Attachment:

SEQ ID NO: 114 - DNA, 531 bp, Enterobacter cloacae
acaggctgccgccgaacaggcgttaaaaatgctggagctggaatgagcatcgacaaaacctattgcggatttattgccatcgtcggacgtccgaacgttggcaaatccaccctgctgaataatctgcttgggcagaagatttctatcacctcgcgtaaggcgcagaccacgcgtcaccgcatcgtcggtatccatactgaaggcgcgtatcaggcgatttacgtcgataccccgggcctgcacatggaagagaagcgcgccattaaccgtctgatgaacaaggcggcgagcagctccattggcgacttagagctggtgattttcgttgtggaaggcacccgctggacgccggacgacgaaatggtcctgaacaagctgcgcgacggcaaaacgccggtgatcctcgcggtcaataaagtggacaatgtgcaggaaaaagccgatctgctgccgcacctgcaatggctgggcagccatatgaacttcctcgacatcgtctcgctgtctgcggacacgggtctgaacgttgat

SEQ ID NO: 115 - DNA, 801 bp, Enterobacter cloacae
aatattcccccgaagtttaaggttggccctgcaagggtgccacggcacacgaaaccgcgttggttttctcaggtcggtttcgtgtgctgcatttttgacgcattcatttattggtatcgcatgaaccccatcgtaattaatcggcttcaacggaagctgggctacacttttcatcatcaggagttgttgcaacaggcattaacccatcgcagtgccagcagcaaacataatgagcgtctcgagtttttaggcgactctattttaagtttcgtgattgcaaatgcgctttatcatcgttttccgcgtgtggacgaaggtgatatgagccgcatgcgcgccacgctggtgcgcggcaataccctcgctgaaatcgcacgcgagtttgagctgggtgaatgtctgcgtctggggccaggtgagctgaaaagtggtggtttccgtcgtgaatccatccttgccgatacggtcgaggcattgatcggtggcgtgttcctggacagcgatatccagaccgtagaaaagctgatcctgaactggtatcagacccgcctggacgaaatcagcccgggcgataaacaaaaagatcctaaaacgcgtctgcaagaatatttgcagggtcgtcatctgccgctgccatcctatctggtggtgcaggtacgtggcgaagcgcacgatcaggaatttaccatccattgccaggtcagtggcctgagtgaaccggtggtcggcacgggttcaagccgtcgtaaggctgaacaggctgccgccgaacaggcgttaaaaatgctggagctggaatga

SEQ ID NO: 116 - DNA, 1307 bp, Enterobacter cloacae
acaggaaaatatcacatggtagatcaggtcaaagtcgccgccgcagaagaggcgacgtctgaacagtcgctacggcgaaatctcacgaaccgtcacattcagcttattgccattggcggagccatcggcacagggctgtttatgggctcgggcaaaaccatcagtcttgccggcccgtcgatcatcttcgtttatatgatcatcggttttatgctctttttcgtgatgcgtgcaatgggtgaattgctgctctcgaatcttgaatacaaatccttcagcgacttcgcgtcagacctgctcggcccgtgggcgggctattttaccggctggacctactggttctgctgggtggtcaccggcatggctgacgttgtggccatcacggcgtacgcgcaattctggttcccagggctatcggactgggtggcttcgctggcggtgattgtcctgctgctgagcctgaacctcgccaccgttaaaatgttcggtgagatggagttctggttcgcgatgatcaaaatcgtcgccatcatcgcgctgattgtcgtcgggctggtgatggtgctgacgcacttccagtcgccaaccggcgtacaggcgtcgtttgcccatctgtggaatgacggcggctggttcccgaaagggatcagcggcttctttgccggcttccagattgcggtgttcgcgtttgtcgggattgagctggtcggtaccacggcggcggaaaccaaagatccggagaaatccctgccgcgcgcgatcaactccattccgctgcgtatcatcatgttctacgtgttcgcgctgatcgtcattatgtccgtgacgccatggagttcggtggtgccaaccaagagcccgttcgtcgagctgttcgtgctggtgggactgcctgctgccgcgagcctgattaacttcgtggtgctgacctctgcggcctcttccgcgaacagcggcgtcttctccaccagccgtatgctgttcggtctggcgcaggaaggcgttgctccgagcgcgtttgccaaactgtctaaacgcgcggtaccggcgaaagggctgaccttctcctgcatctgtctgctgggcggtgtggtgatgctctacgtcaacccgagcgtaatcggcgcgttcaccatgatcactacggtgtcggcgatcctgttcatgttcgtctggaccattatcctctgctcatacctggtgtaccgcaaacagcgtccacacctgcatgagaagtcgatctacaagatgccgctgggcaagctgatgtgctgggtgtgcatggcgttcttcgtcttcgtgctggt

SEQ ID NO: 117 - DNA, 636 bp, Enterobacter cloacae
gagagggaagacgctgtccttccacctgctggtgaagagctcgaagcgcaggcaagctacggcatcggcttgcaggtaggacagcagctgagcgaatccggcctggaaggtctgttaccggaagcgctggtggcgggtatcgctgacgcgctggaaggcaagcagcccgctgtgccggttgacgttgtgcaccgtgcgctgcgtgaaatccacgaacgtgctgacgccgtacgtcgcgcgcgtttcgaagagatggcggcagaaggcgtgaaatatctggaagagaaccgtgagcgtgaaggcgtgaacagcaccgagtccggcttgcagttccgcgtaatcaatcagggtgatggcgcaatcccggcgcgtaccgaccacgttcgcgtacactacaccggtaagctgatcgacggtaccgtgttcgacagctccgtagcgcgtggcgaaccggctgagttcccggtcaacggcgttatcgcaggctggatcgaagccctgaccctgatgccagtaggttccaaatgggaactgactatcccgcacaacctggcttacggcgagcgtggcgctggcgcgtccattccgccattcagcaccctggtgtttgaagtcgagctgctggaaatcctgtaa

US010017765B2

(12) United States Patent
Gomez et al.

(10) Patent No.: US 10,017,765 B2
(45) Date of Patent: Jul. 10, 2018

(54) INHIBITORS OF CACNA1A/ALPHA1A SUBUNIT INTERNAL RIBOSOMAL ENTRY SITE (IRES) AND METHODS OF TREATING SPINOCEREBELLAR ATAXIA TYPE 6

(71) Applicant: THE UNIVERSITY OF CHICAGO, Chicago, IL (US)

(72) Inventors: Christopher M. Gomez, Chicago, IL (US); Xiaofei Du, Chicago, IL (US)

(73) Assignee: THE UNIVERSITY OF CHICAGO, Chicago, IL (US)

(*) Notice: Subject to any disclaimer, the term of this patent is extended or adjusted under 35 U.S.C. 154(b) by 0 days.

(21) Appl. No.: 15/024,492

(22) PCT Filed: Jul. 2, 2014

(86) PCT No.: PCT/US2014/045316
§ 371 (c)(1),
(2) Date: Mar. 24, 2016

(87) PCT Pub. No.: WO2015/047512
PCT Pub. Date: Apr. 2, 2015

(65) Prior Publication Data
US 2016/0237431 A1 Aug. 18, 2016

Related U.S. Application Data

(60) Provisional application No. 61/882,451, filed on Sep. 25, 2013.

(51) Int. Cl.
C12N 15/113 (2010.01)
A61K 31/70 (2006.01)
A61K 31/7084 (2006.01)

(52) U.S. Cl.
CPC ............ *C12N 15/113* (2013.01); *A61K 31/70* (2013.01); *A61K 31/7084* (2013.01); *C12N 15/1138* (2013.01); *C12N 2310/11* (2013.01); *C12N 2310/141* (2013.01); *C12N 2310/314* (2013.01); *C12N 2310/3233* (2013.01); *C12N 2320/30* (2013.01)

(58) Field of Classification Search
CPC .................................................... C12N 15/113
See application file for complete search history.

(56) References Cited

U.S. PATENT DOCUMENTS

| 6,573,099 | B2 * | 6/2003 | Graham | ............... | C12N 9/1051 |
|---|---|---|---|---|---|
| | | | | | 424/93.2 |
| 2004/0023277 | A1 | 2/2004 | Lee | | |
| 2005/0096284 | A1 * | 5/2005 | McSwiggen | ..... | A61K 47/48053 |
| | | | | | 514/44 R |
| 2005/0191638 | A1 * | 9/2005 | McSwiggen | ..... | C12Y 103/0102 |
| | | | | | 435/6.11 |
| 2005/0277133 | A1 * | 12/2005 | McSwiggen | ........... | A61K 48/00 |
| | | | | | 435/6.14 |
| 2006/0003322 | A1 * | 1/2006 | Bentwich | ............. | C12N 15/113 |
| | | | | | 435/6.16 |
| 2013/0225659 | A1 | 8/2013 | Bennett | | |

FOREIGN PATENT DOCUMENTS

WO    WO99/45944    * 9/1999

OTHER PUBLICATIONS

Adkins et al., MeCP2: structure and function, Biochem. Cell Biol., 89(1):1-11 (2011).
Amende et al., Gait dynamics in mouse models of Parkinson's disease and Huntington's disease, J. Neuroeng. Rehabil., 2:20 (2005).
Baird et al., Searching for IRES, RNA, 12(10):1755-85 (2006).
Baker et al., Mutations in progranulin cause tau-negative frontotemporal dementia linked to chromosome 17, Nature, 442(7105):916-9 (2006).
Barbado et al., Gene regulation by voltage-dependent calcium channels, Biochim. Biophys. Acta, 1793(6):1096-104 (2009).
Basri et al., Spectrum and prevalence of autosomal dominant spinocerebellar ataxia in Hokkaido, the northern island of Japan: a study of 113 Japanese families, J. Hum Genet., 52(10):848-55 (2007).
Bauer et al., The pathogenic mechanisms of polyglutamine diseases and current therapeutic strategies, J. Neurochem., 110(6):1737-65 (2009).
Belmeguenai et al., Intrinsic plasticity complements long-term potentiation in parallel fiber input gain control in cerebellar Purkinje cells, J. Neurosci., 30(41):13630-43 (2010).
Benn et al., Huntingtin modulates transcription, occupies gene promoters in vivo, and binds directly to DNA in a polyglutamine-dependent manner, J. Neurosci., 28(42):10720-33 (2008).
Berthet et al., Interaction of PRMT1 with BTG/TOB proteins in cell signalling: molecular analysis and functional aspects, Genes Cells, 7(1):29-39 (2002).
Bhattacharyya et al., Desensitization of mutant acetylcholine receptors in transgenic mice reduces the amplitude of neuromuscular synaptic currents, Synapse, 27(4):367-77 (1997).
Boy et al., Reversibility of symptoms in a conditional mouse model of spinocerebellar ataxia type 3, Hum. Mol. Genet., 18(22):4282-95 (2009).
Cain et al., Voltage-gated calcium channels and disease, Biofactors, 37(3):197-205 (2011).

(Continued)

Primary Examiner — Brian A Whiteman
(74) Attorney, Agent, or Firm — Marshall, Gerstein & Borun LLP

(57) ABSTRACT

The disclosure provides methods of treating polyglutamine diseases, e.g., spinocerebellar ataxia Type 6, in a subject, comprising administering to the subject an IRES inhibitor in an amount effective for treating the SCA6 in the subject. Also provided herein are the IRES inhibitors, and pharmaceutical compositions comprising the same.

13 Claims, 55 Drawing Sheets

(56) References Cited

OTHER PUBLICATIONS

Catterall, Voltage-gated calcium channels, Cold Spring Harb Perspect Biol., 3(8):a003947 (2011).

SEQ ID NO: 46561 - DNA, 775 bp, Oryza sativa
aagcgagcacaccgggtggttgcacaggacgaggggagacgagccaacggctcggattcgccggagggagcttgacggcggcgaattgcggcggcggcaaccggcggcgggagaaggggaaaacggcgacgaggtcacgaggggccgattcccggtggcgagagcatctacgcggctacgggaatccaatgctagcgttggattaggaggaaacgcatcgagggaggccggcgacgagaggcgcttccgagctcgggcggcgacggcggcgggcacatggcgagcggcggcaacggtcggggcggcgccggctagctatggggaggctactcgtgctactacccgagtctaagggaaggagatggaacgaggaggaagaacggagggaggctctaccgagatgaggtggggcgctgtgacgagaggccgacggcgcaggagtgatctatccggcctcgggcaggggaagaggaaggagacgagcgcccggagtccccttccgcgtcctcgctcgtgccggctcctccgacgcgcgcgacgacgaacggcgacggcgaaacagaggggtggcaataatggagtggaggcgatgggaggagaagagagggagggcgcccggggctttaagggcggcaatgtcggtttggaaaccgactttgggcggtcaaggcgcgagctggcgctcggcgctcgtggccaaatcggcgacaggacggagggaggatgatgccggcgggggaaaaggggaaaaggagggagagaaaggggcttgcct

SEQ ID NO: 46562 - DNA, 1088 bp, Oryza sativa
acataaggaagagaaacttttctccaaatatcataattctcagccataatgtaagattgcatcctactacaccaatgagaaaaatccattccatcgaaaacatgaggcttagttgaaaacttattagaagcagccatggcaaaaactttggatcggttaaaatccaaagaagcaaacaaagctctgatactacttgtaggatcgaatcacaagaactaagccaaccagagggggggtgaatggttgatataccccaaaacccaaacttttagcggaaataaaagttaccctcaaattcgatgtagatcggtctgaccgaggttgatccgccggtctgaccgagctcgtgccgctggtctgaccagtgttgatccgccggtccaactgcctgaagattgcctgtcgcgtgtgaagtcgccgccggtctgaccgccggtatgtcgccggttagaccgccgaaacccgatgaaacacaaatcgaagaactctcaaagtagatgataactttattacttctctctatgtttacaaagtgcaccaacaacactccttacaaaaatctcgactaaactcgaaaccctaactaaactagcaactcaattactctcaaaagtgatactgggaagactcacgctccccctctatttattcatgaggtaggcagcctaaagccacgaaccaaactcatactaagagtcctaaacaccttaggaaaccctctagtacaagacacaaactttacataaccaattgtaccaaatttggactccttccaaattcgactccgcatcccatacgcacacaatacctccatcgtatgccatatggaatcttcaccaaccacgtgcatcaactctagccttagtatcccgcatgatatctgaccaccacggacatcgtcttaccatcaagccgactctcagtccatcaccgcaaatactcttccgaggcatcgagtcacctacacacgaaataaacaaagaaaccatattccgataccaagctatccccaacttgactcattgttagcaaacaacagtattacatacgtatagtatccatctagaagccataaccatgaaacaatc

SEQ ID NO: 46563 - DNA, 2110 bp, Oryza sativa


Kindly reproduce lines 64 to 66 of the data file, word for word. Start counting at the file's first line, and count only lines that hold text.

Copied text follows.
Belmeguenai et al., Intrinsic plasticity complements long-term potentiation in parallel fiber input gain control in cerebellar Purkinje cells, J. Neurosci., 30(41):13630-43 (2010).
Benn et al., Huntingtin modulates transcription, occupies gene promoters in vivo, and binds directly to DNA in a polyglutamine-dependent manner, J. Neurosci., 28(42):10720-33 (2008).
Berthet et al., Interaction of PRMT1 with BTG/TOB proteins in cell signalling: molecular analysis and functional aspects, Genes Cells, 7(1):29-39 (2002).